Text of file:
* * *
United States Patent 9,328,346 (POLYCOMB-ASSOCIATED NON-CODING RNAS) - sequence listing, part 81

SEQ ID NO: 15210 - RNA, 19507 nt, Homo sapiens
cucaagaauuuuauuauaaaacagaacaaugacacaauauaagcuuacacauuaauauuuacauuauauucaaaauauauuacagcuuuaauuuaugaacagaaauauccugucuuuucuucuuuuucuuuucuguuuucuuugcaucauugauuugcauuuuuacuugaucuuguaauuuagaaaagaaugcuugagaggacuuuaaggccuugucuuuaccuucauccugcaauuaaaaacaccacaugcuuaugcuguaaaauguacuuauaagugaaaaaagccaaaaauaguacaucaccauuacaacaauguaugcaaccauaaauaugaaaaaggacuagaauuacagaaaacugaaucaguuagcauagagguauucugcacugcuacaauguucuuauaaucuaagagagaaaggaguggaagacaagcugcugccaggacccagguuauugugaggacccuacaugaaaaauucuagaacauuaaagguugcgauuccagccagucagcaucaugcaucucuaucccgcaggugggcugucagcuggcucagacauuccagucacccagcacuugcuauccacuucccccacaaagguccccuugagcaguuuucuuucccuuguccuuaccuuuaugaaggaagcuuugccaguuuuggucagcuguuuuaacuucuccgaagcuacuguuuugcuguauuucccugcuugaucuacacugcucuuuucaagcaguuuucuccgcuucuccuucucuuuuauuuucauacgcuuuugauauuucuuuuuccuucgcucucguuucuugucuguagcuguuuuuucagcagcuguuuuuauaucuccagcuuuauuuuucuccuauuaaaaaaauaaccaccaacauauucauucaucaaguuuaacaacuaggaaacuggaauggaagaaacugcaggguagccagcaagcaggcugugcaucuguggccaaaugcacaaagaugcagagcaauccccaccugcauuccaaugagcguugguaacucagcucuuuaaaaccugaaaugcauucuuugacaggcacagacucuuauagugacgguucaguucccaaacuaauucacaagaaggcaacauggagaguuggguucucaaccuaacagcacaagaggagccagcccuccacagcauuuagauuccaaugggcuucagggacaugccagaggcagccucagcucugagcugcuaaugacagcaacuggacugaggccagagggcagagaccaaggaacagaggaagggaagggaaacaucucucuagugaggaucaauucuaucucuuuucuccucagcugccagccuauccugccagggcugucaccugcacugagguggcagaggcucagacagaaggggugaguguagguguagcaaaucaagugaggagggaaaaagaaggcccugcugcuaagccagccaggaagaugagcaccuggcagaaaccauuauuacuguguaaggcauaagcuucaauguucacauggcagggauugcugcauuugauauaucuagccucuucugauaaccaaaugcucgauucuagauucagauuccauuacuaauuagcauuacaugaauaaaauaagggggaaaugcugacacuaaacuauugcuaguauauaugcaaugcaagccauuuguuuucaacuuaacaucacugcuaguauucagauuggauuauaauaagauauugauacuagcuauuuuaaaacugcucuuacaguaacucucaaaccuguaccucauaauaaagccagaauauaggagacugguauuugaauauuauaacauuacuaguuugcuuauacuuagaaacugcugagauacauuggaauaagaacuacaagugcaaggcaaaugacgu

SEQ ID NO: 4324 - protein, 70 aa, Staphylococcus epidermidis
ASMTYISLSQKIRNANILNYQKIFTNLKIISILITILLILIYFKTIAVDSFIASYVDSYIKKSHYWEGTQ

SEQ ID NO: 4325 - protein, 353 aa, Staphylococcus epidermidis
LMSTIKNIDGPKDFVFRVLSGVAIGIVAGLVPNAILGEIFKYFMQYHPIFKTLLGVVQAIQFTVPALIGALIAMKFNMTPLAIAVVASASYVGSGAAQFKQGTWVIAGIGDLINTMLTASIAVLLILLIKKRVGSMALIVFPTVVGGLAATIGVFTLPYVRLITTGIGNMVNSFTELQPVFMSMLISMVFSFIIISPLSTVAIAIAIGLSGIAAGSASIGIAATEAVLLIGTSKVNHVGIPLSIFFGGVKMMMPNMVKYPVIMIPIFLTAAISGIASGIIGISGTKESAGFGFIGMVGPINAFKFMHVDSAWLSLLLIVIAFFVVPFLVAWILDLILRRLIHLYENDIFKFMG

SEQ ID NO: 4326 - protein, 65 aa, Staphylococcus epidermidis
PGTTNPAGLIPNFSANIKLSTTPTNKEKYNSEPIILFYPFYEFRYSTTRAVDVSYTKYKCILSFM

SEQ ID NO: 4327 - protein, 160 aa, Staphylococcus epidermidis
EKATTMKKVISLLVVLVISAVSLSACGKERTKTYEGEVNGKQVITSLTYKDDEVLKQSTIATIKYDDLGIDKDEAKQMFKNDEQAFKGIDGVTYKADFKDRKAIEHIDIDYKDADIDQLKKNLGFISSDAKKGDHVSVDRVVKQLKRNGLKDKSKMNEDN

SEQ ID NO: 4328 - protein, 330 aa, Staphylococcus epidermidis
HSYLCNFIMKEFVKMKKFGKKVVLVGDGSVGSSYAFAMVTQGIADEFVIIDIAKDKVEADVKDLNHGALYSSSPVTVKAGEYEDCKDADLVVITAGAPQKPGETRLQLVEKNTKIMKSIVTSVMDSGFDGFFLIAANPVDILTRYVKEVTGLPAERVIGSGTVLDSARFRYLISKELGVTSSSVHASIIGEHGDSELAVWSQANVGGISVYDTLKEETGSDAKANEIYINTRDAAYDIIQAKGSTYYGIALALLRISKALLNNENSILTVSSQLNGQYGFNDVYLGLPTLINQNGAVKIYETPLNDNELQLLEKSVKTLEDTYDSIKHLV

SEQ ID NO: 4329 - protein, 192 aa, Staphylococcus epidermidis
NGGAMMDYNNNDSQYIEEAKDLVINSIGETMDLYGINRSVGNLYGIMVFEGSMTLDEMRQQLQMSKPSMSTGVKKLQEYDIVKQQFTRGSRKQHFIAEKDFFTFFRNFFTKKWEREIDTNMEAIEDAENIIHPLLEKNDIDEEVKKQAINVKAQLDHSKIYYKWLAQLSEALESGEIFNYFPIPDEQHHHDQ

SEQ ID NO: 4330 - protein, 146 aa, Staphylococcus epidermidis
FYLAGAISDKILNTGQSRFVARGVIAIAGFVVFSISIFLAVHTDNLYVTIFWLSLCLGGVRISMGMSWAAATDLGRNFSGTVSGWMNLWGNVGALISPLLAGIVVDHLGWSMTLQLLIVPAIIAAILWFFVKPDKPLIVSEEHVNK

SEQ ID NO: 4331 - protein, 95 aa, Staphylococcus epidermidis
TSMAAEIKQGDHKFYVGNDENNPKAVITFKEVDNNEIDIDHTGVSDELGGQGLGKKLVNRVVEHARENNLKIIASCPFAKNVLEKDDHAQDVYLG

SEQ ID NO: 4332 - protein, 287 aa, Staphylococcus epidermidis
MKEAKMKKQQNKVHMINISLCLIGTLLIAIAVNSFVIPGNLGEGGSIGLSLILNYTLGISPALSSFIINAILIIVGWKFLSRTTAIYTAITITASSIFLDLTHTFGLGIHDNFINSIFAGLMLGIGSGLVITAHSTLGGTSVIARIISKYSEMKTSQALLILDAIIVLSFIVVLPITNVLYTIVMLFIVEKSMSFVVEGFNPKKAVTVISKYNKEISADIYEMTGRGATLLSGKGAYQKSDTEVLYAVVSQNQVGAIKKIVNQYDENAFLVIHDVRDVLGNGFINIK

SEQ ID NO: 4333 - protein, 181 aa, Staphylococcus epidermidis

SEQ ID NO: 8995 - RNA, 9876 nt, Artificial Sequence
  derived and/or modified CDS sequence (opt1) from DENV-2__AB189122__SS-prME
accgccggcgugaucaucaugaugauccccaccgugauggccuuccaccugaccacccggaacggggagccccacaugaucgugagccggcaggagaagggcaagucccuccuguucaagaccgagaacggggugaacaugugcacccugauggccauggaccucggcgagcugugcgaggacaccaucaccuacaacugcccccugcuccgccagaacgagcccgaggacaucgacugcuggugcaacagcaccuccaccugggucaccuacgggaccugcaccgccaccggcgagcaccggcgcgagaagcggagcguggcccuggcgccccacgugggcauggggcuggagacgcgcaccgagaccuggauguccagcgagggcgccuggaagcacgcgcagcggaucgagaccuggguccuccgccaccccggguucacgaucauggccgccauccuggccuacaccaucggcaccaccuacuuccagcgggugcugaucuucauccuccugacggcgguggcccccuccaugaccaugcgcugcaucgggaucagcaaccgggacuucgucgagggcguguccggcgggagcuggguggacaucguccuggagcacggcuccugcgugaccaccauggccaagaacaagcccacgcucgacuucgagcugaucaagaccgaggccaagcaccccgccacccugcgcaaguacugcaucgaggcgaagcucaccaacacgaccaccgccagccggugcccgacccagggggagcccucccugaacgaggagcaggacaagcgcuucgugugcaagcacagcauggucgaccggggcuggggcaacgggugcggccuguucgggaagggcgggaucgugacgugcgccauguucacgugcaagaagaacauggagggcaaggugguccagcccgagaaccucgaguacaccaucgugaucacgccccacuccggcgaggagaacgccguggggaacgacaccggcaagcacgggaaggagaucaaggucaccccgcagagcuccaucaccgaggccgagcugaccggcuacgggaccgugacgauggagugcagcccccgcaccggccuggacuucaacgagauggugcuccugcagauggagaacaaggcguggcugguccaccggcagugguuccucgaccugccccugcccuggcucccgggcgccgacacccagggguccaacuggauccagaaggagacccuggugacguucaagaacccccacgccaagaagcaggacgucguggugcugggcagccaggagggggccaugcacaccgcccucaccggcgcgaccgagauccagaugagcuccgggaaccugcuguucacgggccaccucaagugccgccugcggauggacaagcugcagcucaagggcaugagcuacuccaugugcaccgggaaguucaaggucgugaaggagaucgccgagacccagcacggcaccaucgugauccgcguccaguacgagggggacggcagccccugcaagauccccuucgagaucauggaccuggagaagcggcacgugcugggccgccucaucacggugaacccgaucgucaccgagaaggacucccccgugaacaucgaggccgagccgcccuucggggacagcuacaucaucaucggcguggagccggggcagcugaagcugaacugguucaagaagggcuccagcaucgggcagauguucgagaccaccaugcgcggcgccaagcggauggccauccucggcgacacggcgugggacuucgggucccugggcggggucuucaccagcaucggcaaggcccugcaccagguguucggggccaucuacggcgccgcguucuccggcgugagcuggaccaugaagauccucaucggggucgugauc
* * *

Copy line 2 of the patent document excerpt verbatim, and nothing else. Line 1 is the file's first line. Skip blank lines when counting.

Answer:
SEQ ID NO: 15210 - RNA, 19507 nt, Homo sapiens